This may not be your story but is is authentically, 100% my story. It has taken me more than 25 years to learn how to live by a budget. I know! It sounds ridiculous and trifling as hell right? Well guess what, that has been my story for most of my young adult life. From shopping, to eating out, to entertainment including night clubs and more, everything else was more important than saving and quite frankly paying bills. Allow me just air all my dirty laundry (because I know I’m not alone). To be honest, I only paid the bills that i felt would affect my well being. So if it were rent, it got paid, utilities and food got taken care of. The rest I could have cared less about. Oh yes! I would get a serious attitude when people wanted the payment for either credit that I had used or services that were rendered. As you may have already guessed, I had very bad credit. I found myself becoming mentally taxed, even nursing a serious anxiety problem as a result of the daily threatening phone calls and creditors that badgered me around the clock. They would promise everything but bodily harm, even using really demeaning language, all because they wanted their damn money. Rightfully So!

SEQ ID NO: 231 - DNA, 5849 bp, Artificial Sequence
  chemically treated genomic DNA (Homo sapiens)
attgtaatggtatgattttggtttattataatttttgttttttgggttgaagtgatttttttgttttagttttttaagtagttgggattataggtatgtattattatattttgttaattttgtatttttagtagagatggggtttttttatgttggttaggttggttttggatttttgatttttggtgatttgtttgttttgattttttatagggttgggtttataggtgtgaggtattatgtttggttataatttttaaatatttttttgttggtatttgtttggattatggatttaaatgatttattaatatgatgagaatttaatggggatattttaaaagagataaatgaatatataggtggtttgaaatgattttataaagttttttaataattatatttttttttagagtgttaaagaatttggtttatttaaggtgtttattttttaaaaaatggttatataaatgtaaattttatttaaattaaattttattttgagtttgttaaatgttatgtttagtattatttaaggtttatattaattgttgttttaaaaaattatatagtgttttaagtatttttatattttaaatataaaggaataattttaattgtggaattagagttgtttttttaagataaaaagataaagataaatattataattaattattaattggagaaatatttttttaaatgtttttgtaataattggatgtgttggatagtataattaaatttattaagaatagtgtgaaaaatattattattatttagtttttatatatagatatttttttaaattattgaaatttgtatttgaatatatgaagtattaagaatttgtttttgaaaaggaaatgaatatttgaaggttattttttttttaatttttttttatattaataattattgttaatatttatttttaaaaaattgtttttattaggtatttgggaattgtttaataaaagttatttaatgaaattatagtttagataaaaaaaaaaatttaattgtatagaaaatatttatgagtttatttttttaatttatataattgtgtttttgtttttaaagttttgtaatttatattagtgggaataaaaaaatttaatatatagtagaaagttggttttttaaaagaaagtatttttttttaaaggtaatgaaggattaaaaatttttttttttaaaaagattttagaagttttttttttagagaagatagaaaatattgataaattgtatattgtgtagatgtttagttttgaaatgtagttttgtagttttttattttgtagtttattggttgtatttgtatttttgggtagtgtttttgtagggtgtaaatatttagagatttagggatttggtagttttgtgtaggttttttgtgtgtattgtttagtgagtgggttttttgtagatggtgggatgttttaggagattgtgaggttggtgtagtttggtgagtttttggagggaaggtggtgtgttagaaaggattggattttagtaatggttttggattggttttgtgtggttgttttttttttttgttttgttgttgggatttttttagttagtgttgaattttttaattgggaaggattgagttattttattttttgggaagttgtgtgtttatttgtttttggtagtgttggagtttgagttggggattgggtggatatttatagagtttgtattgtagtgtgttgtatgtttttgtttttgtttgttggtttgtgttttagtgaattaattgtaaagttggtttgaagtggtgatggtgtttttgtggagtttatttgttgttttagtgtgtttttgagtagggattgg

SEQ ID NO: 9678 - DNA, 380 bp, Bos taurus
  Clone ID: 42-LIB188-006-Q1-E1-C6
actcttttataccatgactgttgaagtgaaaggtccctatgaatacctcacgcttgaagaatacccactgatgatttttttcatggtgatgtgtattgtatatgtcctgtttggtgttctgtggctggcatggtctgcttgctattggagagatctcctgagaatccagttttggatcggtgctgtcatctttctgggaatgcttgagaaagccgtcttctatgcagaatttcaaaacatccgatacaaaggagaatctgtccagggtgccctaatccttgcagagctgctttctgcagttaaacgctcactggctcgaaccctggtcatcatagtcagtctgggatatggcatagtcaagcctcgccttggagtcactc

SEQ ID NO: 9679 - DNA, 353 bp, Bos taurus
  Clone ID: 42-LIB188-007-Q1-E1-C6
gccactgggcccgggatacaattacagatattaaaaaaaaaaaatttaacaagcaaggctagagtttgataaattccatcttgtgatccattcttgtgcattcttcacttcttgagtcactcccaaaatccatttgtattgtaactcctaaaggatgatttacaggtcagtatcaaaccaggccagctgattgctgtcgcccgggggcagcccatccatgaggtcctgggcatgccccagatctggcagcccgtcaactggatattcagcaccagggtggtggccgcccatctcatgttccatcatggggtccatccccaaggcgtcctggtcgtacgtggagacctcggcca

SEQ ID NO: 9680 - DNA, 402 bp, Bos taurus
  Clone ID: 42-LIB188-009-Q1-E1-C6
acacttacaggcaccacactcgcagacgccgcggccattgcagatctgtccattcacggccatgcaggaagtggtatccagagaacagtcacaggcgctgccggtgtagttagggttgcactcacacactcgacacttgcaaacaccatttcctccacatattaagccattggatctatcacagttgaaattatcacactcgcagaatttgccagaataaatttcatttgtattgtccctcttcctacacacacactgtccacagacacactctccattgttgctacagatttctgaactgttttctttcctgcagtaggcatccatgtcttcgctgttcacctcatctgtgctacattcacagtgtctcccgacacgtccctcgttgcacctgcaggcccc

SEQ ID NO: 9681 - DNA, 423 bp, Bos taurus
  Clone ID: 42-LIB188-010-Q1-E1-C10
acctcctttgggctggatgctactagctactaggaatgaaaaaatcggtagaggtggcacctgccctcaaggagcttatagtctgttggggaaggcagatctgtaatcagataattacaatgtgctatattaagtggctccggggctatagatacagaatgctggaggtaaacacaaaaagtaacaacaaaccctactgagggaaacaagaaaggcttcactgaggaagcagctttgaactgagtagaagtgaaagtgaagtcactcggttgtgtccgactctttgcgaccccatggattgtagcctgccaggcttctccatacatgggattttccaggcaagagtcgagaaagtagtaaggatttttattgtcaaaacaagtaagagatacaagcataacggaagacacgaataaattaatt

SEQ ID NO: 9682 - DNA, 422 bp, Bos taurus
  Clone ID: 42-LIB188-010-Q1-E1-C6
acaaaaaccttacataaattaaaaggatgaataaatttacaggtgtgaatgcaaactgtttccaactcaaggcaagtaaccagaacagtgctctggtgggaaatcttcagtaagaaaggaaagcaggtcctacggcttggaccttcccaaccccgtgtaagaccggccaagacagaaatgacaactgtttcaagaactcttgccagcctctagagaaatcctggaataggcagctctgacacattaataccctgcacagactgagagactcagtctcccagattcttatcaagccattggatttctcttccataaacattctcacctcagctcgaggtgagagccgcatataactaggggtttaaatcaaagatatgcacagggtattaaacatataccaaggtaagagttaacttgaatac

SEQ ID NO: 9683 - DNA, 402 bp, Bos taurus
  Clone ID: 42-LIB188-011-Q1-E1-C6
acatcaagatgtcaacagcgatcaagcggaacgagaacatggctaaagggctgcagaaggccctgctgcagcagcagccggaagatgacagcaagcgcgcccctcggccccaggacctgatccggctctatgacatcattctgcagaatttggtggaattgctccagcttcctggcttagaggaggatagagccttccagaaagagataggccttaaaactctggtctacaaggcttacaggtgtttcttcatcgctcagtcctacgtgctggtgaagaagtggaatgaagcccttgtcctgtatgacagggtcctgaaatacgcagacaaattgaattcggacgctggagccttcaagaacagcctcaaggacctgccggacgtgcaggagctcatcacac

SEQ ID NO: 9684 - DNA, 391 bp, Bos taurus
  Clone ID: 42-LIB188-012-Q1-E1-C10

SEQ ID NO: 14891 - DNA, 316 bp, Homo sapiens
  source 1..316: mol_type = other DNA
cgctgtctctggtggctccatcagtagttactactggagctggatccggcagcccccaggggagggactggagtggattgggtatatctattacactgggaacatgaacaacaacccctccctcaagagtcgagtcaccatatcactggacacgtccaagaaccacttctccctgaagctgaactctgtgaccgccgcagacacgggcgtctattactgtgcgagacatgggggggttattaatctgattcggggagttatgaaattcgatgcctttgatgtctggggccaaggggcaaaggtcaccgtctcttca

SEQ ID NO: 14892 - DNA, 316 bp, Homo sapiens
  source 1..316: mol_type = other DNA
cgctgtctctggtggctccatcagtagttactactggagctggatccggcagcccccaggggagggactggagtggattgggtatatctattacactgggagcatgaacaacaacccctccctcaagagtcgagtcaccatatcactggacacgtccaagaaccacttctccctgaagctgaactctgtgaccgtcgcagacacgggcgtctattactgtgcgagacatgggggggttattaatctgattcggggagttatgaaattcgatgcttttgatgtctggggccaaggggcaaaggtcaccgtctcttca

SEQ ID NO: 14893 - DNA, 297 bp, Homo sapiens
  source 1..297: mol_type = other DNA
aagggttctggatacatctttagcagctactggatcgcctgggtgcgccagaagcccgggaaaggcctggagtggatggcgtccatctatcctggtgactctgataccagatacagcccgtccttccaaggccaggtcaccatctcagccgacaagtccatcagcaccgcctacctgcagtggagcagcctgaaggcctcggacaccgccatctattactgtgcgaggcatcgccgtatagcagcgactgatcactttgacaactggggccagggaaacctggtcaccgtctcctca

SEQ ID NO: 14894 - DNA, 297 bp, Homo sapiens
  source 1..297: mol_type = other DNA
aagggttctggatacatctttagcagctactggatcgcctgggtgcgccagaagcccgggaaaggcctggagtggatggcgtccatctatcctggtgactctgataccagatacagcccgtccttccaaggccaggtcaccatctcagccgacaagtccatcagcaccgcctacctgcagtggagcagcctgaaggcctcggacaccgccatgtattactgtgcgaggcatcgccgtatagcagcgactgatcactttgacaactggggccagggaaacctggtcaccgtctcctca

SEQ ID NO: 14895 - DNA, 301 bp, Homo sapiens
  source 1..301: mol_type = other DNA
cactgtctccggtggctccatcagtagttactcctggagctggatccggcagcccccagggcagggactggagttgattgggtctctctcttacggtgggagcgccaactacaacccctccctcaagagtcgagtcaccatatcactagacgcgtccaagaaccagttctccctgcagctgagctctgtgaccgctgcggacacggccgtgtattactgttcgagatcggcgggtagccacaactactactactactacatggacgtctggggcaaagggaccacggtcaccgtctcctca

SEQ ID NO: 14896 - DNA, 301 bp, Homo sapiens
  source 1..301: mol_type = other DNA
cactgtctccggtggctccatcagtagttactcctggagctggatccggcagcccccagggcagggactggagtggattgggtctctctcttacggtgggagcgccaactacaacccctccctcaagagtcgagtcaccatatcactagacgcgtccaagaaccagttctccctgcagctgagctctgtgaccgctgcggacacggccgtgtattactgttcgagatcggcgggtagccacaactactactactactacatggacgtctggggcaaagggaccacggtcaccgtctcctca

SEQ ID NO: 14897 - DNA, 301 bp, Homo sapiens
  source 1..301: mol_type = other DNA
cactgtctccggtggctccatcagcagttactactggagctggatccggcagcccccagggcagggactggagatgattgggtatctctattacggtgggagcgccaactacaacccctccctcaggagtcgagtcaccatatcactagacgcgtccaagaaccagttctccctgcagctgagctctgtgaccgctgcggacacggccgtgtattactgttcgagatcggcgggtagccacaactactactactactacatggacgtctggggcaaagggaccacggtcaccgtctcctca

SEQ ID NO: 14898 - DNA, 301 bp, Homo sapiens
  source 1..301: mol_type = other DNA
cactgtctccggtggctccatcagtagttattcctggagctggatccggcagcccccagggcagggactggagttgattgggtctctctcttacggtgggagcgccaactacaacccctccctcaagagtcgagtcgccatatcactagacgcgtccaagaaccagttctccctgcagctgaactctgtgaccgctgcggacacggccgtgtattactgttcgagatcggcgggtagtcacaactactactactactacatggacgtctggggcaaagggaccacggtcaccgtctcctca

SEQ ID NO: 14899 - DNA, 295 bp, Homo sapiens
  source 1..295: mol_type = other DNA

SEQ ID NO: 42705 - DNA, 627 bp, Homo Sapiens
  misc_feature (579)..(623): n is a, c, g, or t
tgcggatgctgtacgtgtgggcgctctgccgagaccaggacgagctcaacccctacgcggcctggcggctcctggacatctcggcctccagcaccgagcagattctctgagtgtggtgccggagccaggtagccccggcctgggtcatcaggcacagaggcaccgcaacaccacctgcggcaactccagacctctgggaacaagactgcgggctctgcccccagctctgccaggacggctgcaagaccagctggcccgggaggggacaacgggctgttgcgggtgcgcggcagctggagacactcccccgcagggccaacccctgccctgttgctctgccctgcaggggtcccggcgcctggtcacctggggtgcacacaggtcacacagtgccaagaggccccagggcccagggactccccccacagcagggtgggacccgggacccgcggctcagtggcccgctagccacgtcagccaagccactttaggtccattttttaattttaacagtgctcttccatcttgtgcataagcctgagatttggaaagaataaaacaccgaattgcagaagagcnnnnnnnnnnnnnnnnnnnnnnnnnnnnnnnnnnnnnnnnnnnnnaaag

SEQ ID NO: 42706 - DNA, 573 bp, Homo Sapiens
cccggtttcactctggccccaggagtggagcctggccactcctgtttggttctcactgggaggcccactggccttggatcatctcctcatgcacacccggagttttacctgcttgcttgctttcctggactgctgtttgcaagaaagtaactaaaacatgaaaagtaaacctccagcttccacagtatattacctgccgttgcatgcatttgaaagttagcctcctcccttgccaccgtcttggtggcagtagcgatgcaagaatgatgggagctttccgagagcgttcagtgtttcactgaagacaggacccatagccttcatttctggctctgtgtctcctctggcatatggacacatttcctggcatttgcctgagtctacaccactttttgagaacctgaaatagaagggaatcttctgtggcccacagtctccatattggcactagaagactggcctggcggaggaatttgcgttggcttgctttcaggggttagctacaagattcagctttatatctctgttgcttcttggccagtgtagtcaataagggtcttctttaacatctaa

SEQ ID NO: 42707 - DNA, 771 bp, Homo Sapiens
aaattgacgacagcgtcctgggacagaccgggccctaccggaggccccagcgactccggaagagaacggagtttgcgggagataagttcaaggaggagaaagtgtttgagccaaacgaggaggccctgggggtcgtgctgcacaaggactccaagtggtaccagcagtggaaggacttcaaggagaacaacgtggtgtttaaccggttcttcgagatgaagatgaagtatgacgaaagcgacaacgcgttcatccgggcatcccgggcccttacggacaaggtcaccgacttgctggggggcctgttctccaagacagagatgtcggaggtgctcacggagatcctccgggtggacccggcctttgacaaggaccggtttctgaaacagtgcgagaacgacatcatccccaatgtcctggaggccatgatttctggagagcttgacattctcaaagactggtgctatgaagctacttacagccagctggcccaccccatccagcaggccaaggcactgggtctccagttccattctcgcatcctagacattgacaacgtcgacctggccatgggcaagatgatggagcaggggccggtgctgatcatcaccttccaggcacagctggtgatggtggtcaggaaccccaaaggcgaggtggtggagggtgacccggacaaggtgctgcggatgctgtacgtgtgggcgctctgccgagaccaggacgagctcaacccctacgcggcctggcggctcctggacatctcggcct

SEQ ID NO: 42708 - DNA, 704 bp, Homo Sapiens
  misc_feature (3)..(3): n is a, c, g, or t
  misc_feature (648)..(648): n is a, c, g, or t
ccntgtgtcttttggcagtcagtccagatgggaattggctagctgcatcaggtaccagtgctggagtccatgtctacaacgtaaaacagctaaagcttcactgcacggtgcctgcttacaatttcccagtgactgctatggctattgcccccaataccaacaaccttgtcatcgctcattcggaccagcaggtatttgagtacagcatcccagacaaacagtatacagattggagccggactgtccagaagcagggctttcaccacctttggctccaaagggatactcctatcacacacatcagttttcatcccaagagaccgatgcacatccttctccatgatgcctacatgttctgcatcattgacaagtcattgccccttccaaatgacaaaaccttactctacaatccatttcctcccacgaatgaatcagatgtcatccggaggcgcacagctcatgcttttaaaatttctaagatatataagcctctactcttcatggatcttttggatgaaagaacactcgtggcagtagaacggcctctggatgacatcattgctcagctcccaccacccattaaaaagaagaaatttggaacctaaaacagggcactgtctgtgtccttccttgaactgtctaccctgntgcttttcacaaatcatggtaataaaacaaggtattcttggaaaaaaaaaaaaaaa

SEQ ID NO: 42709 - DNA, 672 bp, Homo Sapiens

Here’s the bad part. I had the money. To begin with, I made very good money. Unfortunately, my mentality was wrapped up in wearing the latest designer handbags, eating out at swanky restaurants a couple times a week with my girlfriends and nightclubs on weekends. At the time though, my mindset was completely focused on what I could buy to make myself happy. Without realizing it, I had begun to equate happiness with buying things. I would also watch and observe people that I assumed lived a certain lifestyle. While at swanky restaurants, I felt as if I’d arrived, even if I could only afford an appetizer. By the time my mother grew ill and bedridden, I was completely delusional, not to mention also, completely in control of her money as well. The sicker she got the more, I used her money like a band aid. After weekly visits didn’t look promising for her recovery, I went on long shopping sprees just to take my mind off of what I mentally and consciously couldn’t handle. I’d completely become a consumer.
America’s entire economy is driven by consumers like the one I used to be. The most ridiculous story that I’d ever heard from a girlfriend was that she wanted to impress the folks that she met at a local night spot so much that she purchased everyone sitting at the bar, drinks. She ran a tab upwards of $800. She later admitted that she had realized the next day that she spent her rent money. What kind of mentality drives one to spend their rent money? Though I hadn’t done anything that outrageous, I’d had my fair share of crazy stuff with a complete disregard for money.